ORLANDO, FL – The latest guidelines from the American Academy of Pediatrics (AAP) recommend that pediatric procedure kits be standardized to include sterile stuffed animals like frogs, hippos, and flamingos, to name a few. The guidelines were published late last week.
“These kits have lidocaine, iodine, needles, collection bags or tubes,” explained Farrah Thorne, spokesperson for the AAP, “but you know what they’re missing? Fun! Sterile fun! As in sterile stuffed animals. ‘I’m gonna jab this needle in but look over here! Such a funny-looking ducky!’”
The idea came to pass shortly after Virginia anesthesiologist Thomas Kingston successfully demonstrated that “fun” can take place within a sterile field when he put on a puppet show for his surgical colleagues. Inspired, the AAP drafted the sterile stuffed animal guidelines, and their review was expedited and approved in high-pitched funny voices.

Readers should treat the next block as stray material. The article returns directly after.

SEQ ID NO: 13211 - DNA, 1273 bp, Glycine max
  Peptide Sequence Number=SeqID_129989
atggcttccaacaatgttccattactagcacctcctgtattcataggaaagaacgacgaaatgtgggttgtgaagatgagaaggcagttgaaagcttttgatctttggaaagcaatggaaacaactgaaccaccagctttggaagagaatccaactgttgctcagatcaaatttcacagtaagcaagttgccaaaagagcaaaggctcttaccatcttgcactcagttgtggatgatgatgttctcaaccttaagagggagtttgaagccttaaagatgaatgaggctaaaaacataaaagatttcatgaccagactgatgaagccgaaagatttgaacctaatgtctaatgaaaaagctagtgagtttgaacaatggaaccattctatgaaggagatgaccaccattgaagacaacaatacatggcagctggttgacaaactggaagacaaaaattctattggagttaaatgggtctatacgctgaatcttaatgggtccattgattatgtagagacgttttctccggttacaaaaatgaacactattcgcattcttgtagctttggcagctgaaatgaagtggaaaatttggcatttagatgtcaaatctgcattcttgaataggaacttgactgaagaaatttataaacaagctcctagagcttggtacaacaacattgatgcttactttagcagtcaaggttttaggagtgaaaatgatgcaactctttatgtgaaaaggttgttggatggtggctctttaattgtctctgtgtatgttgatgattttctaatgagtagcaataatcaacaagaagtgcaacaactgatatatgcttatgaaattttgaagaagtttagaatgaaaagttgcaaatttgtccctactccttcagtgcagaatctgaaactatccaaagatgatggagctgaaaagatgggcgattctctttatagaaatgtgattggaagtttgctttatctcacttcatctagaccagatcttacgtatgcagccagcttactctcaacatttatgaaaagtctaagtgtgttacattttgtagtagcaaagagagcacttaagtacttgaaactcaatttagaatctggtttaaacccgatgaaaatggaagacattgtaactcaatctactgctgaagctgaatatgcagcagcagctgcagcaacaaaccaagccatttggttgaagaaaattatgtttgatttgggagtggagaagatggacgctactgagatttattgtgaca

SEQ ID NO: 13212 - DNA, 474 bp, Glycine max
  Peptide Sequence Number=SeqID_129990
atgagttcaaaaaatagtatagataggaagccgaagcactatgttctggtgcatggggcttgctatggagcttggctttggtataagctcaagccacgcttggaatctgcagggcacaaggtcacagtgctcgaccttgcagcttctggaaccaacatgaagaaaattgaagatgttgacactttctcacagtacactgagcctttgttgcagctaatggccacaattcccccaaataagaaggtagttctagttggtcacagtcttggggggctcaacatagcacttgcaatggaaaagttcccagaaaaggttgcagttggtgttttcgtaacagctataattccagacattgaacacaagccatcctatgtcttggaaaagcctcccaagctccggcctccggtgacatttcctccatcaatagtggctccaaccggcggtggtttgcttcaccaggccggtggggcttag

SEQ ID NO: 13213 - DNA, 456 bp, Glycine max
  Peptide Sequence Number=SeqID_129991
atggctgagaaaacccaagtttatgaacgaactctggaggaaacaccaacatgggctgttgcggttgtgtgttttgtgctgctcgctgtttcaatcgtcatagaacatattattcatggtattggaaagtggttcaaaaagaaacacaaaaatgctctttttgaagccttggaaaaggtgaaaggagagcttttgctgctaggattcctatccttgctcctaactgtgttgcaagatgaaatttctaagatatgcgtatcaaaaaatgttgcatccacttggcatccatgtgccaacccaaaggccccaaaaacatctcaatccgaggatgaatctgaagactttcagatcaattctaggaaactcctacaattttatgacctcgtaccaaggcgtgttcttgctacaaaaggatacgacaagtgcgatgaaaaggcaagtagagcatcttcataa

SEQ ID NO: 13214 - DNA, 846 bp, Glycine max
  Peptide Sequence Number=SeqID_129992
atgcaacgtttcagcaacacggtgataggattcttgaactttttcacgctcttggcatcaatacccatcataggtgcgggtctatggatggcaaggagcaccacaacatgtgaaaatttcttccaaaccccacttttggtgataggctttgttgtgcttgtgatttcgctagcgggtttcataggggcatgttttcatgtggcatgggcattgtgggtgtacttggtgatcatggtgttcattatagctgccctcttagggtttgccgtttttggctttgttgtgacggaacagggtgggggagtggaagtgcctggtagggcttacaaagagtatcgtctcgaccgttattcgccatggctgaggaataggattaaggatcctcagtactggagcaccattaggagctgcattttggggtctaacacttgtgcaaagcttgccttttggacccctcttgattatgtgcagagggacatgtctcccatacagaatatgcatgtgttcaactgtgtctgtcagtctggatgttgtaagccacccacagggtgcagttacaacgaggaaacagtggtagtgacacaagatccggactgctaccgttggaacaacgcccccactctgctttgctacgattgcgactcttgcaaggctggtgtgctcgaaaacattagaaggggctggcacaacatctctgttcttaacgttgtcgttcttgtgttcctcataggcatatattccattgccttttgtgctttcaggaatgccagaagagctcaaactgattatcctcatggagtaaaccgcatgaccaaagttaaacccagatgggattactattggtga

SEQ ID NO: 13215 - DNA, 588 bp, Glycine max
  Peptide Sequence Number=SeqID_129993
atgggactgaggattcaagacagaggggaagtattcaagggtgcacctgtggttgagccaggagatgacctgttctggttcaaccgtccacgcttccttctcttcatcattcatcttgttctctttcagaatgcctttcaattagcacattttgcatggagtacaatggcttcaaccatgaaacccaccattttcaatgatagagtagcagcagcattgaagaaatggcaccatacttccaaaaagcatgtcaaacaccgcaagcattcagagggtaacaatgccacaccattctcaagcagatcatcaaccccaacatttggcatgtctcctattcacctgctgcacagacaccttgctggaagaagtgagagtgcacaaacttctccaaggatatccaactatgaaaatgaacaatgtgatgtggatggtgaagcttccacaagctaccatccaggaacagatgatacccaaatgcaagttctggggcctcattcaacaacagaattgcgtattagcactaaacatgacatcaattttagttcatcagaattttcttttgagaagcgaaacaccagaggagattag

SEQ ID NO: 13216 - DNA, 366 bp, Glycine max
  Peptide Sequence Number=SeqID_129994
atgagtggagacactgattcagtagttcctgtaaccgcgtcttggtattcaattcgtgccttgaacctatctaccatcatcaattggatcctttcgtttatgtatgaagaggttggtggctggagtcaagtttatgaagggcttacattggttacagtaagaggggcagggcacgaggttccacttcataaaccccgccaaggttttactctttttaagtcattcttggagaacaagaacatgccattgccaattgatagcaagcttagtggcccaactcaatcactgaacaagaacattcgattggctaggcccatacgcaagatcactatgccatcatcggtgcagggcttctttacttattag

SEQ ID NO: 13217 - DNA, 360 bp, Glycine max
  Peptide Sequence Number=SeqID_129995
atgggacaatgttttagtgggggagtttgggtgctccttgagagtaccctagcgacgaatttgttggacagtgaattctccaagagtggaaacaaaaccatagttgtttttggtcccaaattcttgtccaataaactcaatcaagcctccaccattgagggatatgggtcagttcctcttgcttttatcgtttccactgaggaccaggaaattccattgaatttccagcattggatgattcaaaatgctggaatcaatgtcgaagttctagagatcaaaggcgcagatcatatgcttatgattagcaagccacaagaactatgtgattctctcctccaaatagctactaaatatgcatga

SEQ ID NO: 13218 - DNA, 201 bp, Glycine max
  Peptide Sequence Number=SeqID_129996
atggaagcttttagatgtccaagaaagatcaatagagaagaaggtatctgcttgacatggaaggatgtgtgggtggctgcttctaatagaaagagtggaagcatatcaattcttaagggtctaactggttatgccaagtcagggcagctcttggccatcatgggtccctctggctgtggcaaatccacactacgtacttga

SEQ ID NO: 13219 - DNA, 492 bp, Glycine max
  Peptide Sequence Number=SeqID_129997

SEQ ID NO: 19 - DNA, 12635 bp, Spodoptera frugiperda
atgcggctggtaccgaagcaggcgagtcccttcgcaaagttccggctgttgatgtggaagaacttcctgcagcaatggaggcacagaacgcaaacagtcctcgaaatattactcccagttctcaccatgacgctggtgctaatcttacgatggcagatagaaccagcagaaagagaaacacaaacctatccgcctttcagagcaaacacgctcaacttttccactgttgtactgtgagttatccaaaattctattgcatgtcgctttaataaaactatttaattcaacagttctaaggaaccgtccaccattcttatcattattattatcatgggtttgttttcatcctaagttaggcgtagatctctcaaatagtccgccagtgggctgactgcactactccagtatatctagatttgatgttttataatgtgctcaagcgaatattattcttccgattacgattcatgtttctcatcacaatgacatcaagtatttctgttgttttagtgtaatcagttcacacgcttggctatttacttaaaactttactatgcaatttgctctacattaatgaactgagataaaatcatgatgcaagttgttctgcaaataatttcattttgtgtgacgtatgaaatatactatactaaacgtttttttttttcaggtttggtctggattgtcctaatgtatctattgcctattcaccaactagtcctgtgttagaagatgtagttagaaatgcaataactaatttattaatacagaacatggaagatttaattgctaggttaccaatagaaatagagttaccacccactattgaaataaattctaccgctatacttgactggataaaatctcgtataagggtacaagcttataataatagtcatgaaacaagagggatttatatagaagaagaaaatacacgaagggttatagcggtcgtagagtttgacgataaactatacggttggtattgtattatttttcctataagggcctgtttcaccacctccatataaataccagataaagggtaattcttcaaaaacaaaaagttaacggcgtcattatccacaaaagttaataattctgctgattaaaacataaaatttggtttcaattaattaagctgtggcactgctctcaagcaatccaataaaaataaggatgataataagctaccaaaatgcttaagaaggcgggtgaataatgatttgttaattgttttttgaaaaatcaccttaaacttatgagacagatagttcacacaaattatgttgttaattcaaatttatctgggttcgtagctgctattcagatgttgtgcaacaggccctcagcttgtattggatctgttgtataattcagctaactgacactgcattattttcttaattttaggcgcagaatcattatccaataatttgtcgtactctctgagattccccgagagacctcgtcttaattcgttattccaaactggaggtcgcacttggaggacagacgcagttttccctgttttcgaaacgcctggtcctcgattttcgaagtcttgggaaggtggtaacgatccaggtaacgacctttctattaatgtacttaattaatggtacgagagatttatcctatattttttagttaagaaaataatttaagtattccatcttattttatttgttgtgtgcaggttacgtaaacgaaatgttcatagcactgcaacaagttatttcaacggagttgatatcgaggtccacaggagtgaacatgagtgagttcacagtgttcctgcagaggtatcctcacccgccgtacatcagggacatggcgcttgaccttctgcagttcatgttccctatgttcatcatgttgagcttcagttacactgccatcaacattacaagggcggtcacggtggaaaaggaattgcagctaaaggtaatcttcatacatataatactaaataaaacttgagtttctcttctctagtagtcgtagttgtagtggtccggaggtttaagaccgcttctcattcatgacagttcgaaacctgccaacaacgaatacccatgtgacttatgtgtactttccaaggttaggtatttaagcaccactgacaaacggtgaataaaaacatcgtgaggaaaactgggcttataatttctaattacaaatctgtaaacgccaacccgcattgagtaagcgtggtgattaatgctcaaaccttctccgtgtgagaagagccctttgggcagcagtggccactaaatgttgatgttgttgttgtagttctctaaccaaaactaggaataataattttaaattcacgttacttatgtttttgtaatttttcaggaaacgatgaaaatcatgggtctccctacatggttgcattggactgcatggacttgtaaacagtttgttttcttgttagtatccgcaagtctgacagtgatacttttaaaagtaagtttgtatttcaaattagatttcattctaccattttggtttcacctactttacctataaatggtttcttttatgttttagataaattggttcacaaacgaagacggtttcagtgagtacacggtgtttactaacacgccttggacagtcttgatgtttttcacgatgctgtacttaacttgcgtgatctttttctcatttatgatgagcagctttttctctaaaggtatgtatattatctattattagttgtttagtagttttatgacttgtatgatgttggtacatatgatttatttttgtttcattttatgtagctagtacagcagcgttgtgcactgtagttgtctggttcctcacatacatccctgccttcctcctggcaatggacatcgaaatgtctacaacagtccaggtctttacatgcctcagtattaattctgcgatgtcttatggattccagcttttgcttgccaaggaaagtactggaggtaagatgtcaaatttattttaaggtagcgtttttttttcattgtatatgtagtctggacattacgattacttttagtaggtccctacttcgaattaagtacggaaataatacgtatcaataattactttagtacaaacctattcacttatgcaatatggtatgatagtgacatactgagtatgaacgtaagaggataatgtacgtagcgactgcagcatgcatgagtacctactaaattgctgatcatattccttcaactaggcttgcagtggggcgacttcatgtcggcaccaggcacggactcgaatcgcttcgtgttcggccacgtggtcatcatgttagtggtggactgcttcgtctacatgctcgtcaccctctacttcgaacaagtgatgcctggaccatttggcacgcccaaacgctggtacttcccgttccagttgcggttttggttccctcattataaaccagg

“The guidelines are brilliantly done,” opted pediatrician Alan Ewing. “They recommend ‘at least 1 sterile stuffed animal’ be present in each procedure kit, but they don’t specify what specific stuffed animals. We have the freedom to choose. Me? I’d love to have a huge giraffe in every pediatric LP kit. Man, that’d be one huge kit!”
To be clear, the AAP means sterile as in the stuffed animals are free from bacteria and other microorganisms, not sterile as in unable to reproduce and form offspring.
Though the new AAP recommendation does seem to be a no-brainer, there may be one drawback.
“What happens if I get ready to put a child through a painful procedure and then all of a sudden the child and I get so distracted playing with sterile stuffed pandas that we forget about the procedure?” asked pediatric nurse practitioner Eva Waters. “Actually, now that I think of it, that sounds awesome! Screw the procedures, we want pandas! PANDAS! PANDAS! PANDAS!!!”
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